The significance of understanding the “WHY”
Many parents often wonder the “why’s” of their child’s behaviors. Why is my child throwing himself on the floor and crying when I tell him that we are going to have soup for dinner? Why even after I tell them to “STOP” my children still argue with each other in the grocery store? One of the most used phrases in the field of ABA therapy is identifying the “function of a behavior”. Identifying the function of a person’s behavior is one of the most important parts of a behavior analysts’ job. For parents, caretakers, and even educators identifying why a behavior occurs is an important part of being able to determine how to respond to those behaviors. Determining the function of a behavior can lead to a desired response from those you are interacting with.
There are four reasons (known as the four Functions of Behavior) a behavior may occur:
- Attention- People, at times will engage in behaviors to gain or lose attention from others. This can look different depending on the situation or even the person they are interacting with. Engaging or removing the attention can be done in different ways. Sometimes this can be done unintentionally. An example of attention could be a child hitting her sister to get attention from her mom. Another example could be a student screaming in the classroom to gain attention from other students in the classroom.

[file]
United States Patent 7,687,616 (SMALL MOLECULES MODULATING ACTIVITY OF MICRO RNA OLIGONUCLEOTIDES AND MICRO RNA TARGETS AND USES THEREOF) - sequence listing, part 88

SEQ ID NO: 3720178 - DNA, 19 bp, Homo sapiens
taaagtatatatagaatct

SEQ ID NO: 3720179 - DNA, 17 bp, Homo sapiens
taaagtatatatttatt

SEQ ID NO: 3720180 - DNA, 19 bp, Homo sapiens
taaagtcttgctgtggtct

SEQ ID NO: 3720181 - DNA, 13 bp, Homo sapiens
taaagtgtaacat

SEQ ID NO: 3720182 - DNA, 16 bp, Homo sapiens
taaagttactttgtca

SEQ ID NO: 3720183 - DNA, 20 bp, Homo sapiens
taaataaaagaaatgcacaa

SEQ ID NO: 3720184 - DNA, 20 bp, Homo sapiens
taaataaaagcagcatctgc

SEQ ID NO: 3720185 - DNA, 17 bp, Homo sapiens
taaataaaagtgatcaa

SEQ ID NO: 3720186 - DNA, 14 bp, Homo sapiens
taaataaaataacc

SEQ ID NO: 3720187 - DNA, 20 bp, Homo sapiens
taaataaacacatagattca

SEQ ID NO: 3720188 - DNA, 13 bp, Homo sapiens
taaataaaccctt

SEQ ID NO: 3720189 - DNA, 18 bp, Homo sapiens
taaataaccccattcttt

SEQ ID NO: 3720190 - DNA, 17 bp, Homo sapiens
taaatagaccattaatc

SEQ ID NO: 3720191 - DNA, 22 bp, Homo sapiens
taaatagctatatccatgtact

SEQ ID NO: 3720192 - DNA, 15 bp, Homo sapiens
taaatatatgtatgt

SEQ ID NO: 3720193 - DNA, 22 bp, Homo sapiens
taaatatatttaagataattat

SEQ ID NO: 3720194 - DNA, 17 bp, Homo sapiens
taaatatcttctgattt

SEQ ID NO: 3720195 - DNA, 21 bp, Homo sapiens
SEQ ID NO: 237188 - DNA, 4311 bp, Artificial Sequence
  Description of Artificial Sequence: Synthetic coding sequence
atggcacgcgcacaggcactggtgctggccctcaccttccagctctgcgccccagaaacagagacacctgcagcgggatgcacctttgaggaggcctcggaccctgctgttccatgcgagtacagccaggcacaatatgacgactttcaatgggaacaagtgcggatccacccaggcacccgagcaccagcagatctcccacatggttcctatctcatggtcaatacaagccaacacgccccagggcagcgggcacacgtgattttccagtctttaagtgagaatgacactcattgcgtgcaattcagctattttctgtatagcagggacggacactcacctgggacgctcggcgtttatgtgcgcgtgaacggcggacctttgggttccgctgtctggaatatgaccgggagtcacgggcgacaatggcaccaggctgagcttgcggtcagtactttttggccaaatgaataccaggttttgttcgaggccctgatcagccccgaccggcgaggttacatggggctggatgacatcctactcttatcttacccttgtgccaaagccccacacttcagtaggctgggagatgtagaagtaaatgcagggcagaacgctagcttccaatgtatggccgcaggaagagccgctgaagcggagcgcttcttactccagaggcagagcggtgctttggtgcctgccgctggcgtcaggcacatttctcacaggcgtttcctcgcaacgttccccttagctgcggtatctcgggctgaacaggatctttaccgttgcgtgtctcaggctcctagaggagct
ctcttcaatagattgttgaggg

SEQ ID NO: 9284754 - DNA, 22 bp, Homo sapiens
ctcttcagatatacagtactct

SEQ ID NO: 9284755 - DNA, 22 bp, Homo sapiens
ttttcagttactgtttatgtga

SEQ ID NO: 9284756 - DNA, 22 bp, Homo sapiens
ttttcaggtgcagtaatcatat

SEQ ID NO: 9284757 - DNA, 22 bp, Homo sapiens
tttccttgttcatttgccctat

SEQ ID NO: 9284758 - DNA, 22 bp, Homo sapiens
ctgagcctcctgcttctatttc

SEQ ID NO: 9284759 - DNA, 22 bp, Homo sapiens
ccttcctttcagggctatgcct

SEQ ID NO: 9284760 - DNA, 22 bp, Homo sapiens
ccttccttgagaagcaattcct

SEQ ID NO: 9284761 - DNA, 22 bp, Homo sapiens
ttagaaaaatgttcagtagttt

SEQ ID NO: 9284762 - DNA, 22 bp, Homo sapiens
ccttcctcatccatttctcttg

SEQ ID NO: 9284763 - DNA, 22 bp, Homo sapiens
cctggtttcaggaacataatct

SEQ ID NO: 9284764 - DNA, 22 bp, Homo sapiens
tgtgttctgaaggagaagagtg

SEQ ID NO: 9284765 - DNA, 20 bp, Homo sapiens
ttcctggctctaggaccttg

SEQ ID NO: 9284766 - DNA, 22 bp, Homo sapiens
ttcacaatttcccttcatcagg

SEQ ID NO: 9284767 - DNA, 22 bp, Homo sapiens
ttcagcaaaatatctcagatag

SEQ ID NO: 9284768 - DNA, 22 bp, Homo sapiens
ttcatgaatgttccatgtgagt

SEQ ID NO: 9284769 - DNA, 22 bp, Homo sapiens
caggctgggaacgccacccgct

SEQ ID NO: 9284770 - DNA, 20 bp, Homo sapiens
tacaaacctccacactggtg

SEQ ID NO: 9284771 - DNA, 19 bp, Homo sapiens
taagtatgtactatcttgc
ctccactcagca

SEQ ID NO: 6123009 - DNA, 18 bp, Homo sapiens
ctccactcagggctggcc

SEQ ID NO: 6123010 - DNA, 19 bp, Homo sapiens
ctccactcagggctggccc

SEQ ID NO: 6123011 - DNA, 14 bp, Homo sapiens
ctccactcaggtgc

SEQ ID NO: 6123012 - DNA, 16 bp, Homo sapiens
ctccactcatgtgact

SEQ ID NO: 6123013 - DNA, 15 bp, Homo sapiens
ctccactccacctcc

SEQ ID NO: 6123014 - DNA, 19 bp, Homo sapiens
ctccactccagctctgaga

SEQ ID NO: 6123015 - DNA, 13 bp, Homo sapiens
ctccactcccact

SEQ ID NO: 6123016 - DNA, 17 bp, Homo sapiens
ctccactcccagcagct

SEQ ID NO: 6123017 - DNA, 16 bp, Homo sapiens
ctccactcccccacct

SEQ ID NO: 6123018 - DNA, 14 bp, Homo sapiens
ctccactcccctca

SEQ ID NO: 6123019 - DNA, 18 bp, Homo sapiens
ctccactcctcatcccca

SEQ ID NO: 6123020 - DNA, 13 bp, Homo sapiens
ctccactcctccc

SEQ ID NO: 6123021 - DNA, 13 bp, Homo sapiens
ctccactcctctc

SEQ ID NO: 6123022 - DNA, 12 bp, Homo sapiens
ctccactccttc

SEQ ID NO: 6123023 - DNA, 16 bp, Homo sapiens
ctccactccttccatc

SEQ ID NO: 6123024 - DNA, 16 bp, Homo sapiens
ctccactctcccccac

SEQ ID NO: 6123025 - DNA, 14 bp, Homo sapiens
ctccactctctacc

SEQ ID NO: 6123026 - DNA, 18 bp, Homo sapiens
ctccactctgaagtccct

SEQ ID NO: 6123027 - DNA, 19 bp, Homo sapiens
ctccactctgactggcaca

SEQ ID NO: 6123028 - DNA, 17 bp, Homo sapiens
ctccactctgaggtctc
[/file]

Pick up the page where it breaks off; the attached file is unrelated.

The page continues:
- Access- People will engage in multiple behaviors that are motivated due to them wanting an item or activity. For example, a child will adjust their behavior if they know they will gain access to ice cream. Another example, a child takes a toy from a friend.
- Automatic- Some behaviors occur because the behavior is reinforced automatically when a person engages in that behavior. The behavior itself feels good because of this. For example, a child may have a difficult time stopping from rocking back and forth because it feels good to them.
- Escape- A person may engage in a behavior to avoid or terminate an unwanted task. Some children may run away, hide, scream, or refuse to move when given a demand they do not want to do or an item they do not want. For example, a child may scream at the dinner table because they do not want to eat the soup that is for dinner.
It can be extremely helpful for parents, caretakers, and teachers to understand how to interpret the reasons why a behavior is occurring. Understanding the functions to behaviors can help others implement strategies that can help improve skills and behaviors. Identifying the function can create significant behaviors changes for unwanted behaviors. If a child begins to scream inside of a grocery store because they do not want to be there, and the mom leaves the store because of it the child achieves what he wanted. If a person realizes they can get someone’s attention by being a “jokester”, they most likely will engage in joking with others to get their attention.
Ultimately, the goal of behavior change programs is to help improve behaviors that will result in life skills and abilities that can get them what they want. To begin the process of changing a person’s behavior we must always start by identifying and understanding the “why”. Without identifying the function of a behavior, we cannot begin to implement a behavior change program that will teach the appropriate or wanted behaviors.